As the United States is preparing for the snapback of economic sanctions against Iran, the country has unveiled a much-awaited package of policies that it expects to help strengthen its national currency – the rial – which has lost nearly half of its value against the US dollar since the start of the year.
The package, which was unveiled by the Governor of the Central Bank of Iran (CBI) Abdolnasser Hemmati during a live televised interview on Sunday evening, most importantly comprised mechanisms to control the US dollar rates through a recently launched “secondary currency market.”
Accordingly, the CBI would no longer be involved in determining the dollar exchange rates – what critics argued had only resulted in producing “unrealistic rates” for the greenback.
Instead, the exchange rate would be pegged to the actual trading figures as obtained from transactions between suppliers and buyers in the secondary foreign currency market, Hemmati said as quoted by IRNA news agency.
The CBI, he said, would not interfere in the secondary market and would mostly play the role of a “supervisor,” he said. In other words, it would only intervene to strengthen the rial in case a new major depreciation occurs, the official added.
Based on CBI’s package of currency policies which would become operational from Tuesday, export revenues in dollars excluding oil would have to be presented to buyers in the secondary market.
Iran is working on a plan to create a floating mechanism for pricing the US Dollar to help prevent further depreciation of its national currency which lost its value by above 14 percent within only hours this past Sunday.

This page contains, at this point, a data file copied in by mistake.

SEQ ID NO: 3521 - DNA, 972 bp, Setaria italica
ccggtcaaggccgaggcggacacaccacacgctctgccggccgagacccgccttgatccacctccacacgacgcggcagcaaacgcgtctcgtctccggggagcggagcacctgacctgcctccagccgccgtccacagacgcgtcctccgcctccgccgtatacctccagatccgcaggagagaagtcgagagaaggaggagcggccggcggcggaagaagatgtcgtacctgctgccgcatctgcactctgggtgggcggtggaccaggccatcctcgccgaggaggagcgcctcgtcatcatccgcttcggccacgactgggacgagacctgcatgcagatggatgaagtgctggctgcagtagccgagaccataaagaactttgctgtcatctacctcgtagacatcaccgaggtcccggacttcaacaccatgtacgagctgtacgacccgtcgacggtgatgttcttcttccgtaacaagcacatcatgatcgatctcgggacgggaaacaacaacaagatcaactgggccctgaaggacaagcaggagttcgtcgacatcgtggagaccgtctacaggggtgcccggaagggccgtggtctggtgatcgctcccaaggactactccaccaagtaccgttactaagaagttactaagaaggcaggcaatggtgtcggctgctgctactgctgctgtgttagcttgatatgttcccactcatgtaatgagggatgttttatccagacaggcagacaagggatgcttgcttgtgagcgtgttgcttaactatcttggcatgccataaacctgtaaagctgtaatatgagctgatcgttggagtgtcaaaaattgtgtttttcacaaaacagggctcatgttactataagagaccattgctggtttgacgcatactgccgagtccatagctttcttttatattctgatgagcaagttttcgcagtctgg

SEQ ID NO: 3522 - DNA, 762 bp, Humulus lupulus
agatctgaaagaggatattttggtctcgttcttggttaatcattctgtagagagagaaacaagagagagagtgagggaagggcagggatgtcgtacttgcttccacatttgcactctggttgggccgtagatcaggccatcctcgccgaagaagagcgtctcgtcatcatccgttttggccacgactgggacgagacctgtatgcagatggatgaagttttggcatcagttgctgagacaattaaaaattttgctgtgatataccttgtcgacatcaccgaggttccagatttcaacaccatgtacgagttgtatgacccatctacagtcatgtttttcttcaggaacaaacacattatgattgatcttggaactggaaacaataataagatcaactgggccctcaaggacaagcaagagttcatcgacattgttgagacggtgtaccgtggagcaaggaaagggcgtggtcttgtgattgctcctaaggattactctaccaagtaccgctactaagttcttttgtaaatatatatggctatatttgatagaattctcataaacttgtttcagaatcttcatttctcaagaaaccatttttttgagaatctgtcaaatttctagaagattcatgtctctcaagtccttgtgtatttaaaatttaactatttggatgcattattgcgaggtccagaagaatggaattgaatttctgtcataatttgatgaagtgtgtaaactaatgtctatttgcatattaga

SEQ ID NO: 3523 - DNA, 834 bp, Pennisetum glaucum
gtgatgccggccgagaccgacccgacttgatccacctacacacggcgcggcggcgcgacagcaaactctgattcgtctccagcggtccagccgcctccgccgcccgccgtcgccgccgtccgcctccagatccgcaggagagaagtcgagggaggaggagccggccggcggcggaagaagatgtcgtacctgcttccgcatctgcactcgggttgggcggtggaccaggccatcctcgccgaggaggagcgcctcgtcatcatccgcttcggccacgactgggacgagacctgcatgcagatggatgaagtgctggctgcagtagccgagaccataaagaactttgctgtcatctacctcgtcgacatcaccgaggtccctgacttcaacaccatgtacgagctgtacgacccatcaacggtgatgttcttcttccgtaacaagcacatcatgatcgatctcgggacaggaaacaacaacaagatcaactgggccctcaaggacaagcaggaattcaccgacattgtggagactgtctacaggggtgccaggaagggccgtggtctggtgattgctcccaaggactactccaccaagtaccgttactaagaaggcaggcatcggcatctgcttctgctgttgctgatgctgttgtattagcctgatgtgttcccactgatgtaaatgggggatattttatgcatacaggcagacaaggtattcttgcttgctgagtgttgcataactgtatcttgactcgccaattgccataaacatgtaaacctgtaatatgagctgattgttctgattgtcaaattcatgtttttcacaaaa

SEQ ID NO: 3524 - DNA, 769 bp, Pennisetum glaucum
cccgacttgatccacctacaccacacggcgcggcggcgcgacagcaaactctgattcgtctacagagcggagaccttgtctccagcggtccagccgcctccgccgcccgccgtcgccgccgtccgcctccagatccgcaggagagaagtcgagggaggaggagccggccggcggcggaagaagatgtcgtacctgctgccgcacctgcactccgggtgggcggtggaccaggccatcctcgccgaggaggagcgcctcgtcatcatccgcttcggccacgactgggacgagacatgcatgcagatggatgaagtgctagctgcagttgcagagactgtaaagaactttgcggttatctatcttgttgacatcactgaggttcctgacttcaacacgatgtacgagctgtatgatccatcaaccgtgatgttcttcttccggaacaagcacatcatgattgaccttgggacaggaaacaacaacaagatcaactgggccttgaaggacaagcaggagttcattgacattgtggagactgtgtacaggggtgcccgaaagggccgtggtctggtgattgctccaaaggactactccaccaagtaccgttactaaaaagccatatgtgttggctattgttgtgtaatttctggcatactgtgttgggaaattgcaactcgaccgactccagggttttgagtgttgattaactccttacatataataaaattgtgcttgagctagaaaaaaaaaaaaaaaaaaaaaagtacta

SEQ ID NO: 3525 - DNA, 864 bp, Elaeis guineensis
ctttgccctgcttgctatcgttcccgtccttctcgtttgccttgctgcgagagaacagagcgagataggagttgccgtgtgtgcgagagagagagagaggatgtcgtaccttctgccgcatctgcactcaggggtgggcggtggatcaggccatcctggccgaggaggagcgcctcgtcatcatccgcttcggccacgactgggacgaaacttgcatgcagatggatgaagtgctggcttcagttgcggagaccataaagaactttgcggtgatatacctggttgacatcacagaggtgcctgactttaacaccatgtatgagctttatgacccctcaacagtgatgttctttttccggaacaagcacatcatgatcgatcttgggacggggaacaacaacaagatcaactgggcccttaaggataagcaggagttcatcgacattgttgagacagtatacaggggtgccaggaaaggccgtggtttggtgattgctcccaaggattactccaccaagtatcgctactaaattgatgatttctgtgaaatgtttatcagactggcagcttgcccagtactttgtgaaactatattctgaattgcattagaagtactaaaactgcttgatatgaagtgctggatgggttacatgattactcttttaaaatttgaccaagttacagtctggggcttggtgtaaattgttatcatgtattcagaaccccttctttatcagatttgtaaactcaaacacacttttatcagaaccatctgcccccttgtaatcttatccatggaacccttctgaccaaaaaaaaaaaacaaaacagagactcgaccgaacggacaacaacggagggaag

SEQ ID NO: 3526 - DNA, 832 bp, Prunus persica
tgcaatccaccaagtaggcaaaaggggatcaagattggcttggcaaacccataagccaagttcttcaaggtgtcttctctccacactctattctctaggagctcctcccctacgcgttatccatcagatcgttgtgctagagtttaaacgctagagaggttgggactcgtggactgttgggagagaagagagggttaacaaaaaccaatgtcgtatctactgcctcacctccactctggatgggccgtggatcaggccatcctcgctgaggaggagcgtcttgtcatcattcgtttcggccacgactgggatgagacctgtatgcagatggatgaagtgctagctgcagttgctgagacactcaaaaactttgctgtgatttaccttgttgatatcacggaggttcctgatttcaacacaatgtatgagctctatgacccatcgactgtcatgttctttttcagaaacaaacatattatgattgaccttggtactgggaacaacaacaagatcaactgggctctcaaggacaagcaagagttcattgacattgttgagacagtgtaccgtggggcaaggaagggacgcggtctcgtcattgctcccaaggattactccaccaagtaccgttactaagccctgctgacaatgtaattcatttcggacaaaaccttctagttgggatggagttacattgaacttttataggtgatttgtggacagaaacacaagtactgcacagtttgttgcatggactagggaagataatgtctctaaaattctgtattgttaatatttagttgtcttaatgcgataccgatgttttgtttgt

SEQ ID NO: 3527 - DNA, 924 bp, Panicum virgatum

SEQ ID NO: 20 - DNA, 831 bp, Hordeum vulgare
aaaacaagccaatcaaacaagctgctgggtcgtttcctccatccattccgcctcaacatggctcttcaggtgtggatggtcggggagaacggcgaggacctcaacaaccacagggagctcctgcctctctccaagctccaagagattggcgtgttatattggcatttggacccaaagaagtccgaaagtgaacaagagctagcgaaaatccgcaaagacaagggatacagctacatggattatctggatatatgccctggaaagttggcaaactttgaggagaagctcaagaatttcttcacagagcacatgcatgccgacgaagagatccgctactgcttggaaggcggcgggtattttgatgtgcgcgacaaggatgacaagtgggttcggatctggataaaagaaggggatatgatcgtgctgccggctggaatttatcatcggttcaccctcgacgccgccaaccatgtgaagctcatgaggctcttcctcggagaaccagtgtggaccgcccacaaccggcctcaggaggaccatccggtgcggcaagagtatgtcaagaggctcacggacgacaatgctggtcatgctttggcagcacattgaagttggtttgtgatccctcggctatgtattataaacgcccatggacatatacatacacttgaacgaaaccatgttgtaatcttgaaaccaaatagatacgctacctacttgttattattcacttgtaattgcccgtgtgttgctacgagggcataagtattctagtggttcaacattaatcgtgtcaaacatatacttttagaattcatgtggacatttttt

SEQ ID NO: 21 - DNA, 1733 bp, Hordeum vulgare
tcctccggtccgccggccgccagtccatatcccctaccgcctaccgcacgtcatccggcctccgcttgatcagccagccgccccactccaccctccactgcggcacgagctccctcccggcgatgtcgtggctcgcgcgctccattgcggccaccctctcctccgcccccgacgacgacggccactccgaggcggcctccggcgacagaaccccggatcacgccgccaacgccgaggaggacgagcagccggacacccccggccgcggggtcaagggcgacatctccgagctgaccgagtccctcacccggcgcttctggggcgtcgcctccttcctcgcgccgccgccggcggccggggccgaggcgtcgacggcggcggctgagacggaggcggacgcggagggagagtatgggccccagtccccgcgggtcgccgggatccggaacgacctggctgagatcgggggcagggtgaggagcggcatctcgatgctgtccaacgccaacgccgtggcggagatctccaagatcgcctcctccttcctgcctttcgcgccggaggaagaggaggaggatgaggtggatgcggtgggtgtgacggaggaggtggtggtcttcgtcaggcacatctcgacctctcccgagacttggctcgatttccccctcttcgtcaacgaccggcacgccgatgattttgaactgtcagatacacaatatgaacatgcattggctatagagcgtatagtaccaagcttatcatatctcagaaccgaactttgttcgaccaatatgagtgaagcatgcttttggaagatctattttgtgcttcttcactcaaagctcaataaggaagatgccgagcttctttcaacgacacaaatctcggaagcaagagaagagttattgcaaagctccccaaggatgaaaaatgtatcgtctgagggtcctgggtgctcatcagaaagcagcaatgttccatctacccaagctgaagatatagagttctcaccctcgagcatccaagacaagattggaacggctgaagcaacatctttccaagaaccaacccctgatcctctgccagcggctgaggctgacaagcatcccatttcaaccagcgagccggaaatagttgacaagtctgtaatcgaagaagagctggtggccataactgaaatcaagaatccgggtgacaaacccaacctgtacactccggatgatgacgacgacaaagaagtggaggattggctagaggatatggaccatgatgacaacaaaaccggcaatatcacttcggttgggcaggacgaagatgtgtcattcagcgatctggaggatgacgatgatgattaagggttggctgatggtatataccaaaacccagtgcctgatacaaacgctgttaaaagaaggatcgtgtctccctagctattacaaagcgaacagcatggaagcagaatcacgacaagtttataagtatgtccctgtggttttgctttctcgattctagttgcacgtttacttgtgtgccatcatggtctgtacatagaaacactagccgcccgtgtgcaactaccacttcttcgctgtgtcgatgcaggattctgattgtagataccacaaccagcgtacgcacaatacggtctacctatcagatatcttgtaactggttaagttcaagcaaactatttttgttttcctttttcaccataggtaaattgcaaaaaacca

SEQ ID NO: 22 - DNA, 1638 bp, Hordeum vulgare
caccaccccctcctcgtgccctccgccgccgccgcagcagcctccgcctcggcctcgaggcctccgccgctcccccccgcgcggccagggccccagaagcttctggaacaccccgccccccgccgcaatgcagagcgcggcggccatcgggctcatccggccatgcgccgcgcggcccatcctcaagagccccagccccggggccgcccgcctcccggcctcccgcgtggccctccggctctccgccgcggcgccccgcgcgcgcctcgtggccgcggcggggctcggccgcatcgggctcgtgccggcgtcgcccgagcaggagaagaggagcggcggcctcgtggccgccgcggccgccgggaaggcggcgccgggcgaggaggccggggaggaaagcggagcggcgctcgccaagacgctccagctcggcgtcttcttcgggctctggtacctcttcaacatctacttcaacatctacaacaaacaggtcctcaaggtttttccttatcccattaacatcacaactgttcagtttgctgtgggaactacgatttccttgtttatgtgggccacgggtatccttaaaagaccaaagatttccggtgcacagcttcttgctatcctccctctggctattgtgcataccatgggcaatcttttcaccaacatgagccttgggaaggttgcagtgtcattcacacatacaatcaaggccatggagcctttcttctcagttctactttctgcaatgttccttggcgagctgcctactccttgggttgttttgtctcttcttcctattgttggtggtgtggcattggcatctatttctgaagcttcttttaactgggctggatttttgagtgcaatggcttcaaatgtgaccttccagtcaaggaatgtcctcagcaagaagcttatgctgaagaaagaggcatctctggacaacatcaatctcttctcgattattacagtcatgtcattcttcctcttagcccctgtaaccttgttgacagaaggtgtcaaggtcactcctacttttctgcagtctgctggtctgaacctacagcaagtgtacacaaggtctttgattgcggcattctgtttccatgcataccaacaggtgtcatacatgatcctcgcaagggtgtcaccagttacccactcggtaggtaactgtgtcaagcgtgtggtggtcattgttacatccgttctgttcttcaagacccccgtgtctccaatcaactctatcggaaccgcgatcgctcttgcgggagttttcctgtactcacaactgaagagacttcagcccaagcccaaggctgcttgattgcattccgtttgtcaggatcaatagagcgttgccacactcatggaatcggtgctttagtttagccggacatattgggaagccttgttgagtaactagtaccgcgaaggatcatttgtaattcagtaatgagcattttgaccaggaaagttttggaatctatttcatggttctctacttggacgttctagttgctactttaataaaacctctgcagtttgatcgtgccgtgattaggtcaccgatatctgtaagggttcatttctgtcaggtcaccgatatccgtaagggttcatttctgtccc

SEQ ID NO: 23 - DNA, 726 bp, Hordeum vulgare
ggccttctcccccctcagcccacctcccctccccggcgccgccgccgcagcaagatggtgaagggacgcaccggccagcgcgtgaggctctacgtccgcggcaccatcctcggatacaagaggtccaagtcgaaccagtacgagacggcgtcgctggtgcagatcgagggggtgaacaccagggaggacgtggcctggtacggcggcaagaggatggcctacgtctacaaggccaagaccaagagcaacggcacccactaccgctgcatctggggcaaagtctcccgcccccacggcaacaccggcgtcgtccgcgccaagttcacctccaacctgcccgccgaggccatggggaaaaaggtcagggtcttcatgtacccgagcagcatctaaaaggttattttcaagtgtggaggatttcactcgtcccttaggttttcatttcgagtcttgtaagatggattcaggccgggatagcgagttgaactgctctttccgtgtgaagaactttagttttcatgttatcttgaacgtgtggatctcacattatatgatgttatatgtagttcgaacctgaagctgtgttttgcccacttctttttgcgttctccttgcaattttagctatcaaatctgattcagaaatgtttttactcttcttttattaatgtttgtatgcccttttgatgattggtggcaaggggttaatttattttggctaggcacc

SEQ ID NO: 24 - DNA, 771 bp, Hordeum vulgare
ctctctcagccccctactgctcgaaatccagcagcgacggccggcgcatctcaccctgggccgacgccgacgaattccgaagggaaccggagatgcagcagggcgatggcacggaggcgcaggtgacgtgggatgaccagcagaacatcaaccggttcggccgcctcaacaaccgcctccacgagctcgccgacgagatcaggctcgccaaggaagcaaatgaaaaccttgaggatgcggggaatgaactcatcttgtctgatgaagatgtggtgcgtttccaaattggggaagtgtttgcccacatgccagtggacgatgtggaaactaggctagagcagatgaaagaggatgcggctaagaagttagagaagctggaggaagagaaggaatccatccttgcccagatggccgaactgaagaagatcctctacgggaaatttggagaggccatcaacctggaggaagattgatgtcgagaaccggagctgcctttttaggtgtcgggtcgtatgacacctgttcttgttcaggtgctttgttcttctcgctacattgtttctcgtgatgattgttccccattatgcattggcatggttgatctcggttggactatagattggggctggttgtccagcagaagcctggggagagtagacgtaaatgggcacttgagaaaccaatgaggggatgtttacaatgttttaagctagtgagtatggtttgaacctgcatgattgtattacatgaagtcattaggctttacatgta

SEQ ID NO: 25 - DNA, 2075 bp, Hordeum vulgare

Hemmati also unveiled other key measures.
For example, the ban on currency exchange shops to sell dollars would be lifted but they would be able to sell only a maximum of $10,000 to clients.
Also, overseas travelers would no longer be provided with subsidized dollars at the rate of 42,000 rials. Instead, they would have to buy their required foreign exchange at “free rates” set by the secondary market.
Elsewhere in his remarks, Hemmati said that all legal institutions and businesses would again be allowed to bring gold and foreign currencies into Iran. He emphasized that the decision would take effect as of Tuesday.
He also said the official dollar exchange rate would remain at 42,000 rials for vital imports such as medicine and food.
The CBI chief also said banks would soon create mechanisms for their clients to deposit their dollar savings which would be entitled to interest rates. This, he said, would help direct the flow of hard currency toward the national economy.
In late July, the rial plunged to its lowest rate against the dollar and at one point was even traded at 120,000 rials.
However, the rate of the greenback was reported in Monday’s trading to have dropped to around 96,000 rials.
Iran’s national currency set a new record low against the US Dollar on Sunday as a result of a race that it appears to be losing on two key fronts: the greenback and the gold.
On Tuesday, the administration of US President Donald Trump will restore a series of economic sanctions against Iran which are chiefly meant to choke off Iran’s banking channels. The sanctions include a universal ban against Iran’s access to the US dollar as well as a ban on trading with Iran in gold and other precious metals.
A second wave of sanctions that will strike in November would be primarily meant to target Iran’s oil exports.
Hemmati said the new currency plan reflected Iran’s self-confidence in the face of looming US sanctions.
“This shows our power. The same day you (Americans) impose sanctions, we open our economy. We have no problems, so why should our people worry?,” he was quoted as saying.
Meanwhile, Iranian media reported that the former CBI deputy director for foreign currency affairs Seyyed Ahmad Araqchi had been arrested.
The charges against Araqchi are unknown, but officials have been quoted as saying that he was arrested as a result of a crackdown that also involved an employee of the Presidential Office, several “forex dealers” as well as the manager of a currency exchange shop.